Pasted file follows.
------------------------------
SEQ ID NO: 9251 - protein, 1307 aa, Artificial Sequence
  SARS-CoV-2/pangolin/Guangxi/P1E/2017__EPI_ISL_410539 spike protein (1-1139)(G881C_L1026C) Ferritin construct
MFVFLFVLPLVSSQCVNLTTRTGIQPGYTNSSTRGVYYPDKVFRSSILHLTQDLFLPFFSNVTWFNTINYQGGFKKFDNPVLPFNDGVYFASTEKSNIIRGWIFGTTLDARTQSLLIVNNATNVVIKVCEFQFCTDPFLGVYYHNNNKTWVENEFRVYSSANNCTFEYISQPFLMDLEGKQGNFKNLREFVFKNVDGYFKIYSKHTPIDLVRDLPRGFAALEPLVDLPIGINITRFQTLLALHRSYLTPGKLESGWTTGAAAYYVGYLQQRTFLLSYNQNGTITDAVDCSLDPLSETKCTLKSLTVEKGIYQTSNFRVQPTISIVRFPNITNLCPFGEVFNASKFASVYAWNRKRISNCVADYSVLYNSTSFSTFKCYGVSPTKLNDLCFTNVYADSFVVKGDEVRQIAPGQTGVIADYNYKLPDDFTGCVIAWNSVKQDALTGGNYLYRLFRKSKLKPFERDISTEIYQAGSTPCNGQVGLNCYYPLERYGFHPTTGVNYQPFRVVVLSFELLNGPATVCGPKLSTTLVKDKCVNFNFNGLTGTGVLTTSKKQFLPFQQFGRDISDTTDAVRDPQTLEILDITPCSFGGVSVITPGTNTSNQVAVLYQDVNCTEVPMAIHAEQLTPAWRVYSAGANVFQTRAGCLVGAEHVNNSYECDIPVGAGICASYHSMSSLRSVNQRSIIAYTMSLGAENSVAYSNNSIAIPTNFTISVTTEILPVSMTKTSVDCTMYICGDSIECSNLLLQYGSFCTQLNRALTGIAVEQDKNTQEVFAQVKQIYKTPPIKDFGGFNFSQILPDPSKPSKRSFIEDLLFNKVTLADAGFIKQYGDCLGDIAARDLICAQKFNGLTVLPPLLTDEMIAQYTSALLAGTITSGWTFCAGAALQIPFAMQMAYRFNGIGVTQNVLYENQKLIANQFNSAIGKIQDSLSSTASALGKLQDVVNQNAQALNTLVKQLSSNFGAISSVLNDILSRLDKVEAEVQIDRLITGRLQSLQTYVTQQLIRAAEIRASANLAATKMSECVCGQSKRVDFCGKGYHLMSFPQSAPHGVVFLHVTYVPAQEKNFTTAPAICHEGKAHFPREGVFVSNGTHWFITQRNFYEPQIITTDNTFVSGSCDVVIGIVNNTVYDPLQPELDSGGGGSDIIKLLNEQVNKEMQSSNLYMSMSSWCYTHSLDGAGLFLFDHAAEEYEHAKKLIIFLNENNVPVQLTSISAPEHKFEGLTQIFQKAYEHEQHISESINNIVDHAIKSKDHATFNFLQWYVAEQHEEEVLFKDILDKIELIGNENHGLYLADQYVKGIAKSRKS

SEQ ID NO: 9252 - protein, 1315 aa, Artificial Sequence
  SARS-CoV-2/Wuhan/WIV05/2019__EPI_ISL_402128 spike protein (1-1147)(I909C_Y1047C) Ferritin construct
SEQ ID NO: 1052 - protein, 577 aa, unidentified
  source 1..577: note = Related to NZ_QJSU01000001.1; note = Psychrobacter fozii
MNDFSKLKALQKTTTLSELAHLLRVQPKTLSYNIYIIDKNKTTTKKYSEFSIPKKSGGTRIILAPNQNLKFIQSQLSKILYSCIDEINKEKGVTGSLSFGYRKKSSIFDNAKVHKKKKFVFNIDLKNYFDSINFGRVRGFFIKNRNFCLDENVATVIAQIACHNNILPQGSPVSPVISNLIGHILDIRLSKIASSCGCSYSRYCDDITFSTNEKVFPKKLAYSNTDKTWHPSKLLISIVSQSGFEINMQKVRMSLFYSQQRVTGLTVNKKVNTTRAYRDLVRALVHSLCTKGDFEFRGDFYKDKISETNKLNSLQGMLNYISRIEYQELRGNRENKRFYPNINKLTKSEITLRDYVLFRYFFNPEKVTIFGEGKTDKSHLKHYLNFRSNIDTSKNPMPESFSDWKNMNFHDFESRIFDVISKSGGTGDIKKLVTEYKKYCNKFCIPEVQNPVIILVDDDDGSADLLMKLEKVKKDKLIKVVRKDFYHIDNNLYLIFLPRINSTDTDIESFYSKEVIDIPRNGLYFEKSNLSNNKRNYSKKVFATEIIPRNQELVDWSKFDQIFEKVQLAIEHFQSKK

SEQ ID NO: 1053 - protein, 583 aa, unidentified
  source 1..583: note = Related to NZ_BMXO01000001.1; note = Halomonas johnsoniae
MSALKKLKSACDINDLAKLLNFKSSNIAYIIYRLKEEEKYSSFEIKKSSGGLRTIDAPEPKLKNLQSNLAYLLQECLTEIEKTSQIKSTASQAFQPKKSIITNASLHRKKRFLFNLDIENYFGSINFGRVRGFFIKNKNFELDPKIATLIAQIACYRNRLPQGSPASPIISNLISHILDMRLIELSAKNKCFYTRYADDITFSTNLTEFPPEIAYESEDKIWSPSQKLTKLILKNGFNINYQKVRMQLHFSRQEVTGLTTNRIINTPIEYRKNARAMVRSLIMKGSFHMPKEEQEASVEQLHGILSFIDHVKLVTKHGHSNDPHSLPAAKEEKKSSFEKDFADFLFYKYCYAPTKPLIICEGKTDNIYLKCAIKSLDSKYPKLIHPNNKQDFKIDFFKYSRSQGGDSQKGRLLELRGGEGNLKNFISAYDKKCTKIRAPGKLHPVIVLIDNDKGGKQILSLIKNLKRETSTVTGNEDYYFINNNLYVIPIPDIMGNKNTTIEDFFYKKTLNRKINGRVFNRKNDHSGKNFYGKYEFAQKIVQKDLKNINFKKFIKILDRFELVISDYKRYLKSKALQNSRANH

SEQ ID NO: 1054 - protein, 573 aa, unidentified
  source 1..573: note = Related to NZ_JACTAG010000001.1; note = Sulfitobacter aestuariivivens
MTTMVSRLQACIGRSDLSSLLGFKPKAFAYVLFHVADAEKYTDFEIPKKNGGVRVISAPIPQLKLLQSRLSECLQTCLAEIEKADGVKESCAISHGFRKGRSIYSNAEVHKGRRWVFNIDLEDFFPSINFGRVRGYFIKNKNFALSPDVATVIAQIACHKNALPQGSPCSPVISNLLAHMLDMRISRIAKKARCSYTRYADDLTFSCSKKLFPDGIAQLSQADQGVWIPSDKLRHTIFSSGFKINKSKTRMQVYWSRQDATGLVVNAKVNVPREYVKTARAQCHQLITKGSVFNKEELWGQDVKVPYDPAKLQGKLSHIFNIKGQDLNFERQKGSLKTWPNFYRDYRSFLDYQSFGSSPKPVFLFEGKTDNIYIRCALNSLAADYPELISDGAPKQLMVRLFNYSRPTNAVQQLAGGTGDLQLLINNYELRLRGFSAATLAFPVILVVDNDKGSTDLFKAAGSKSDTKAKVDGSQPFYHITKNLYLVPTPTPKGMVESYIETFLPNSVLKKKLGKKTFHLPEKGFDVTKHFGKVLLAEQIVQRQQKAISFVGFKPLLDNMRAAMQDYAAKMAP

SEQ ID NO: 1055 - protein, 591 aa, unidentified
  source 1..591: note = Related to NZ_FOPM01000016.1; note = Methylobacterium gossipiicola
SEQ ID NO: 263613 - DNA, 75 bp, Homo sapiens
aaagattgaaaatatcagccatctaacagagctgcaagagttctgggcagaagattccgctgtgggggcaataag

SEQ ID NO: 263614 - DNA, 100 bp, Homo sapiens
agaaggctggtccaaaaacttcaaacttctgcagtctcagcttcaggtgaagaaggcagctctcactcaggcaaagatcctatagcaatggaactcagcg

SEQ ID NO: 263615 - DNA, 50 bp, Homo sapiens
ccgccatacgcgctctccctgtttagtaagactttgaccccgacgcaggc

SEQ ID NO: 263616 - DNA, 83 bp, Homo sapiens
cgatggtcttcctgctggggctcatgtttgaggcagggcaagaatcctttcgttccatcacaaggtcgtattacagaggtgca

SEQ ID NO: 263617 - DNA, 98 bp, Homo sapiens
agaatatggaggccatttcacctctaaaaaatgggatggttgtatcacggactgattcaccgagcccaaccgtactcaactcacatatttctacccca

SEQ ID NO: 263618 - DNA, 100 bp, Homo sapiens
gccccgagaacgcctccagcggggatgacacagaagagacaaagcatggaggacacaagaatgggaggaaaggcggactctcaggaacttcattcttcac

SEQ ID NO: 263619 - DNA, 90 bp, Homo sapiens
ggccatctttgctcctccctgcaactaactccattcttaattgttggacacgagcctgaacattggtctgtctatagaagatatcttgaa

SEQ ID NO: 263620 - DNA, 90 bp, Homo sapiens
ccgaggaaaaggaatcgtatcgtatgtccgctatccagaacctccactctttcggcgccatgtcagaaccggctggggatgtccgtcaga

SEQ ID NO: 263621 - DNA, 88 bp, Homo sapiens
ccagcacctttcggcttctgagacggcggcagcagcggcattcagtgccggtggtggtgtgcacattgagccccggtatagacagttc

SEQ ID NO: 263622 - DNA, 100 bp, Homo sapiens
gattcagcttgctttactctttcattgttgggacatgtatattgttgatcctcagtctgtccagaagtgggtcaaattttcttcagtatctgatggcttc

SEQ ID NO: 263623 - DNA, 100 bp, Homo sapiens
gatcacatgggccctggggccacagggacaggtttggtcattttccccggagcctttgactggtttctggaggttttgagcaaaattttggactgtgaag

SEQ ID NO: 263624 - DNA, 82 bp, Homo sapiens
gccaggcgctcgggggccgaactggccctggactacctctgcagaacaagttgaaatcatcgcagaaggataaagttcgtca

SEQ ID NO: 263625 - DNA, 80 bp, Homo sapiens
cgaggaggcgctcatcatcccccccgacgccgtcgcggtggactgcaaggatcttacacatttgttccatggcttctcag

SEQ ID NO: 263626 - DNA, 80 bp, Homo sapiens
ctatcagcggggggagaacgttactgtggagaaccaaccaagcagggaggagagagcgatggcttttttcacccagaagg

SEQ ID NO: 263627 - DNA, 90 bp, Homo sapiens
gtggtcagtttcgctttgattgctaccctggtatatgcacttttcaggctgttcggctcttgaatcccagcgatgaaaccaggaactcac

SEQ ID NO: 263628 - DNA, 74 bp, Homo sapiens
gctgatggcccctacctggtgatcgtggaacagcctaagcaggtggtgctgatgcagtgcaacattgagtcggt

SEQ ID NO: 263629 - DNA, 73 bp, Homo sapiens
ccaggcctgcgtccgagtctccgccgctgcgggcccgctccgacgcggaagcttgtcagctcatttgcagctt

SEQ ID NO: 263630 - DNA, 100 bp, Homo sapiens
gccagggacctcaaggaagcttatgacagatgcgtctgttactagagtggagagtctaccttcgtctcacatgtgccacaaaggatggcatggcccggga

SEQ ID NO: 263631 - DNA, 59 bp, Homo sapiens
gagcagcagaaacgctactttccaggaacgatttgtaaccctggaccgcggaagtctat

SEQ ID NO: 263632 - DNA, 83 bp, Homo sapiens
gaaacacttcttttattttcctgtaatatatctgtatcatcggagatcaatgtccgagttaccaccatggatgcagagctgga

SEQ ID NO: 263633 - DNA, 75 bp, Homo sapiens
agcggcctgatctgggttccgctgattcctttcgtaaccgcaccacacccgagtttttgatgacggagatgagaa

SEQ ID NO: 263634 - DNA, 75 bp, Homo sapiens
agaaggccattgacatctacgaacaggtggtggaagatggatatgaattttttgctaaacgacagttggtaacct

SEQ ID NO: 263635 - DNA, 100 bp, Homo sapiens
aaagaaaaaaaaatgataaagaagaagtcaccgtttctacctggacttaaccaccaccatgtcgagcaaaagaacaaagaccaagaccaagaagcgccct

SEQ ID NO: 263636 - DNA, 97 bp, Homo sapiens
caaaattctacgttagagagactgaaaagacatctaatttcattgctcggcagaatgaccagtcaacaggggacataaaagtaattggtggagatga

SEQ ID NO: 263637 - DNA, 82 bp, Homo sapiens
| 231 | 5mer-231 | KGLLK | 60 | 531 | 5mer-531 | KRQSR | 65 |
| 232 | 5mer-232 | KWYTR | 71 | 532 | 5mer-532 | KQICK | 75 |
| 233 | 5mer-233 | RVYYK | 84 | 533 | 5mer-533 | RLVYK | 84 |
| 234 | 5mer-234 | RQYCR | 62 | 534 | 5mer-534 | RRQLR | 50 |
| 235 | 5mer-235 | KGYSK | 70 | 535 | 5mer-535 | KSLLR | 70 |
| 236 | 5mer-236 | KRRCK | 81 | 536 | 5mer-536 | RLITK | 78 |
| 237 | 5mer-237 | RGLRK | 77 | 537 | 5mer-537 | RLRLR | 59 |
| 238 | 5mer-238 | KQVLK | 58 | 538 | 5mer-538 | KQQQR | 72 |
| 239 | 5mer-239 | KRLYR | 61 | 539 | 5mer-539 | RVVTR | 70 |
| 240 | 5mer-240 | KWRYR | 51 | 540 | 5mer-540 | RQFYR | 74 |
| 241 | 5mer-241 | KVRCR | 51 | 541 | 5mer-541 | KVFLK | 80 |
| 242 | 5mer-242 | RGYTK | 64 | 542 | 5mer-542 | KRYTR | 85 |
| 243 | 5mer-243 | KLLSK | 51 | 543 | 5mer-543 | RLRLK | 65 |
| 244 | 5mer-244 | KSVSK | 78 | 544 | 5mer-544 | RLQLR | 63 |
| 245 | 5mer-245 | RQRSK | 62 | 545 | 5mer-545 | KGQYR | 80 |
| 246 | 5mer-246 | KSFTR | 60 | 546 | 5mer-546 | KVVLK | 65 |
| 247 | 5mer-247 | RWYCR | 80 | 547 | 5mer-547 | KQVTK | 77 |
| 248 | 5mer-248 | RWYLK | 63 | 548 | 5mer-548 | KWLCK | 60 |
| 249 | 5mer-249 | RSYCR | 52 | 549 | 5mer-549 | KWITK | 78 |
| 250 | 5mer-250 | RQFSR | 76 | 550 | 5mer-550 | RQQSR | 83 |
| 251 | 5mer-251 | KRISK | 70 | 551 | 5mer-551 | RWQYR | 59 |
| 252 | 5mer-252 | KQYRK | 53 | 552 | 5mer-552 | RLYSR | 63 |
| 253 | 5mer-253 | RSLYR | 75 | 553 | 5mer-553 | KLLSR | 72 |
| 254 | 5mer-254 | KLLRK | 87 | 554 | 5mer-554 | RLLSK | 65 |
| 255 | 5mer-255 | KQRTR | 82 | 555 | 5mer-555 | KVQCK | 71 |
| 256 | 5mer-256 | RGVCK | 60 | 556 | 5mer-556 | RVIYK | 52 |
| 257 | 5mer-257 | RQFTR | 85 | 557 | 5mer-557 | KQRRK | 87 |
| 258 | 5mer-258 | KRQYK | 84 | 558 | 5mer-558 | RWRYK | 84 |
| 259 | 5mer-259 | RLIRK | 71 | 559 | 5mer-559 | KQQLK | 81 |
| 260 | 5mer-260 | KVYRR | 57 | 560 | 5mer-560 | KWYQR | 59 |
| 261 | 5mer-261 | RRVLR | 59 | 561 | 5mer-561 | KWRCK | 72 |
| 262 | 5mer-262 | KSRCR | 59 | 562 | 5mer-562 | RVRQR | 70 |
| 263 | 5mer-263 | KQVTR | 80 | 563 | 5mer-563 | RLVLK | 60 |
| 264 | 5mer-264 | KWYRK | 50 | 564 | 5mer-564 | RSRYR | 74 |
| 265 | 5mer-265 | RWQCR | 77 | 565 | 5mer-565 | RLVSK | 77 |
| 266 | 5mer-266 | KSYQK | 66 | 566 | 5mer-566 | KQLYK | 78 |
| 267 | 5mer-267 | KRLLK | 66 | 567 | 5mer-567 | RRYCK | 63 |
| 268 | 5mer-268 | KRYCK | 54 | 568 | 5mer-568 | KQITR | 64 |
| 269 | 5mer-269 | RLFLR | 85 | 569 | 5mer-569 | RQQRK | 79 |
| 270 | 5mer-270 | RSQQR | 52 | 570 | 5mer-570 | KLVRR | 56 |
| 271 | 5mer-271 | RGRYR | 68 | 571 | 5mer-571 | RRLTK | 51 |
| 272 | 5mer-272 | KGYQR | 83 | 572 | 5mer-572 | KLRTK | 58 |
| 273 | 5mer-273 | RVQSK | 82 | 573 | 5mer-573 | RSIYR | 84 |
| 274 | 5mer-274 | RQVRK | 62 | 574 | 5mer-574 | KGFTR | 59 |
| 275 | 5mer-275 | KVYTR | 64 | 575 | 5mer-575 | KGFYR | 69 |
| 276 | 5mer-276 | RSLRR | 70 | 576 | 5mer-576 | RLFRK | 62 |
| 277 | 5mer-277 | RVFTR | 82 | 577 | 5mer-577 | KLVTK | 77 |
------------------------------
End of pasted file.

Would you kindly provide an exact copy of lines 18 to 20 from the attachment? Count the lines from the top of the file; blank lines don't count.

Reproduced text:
aaagattgaaaatatcagccatctaacagagctgcaagagttctgggcagaagattccgctgtgggggcaataag

SEQ ID NO: 263614 - DNA, 100 bp, Homo sapiens
agaaggctggtccaaaaacttcaaacttctgcagtctcagcttcaggtgaagaaggcagctctcactcaggcaaagatcctatagcaatggaactcagcg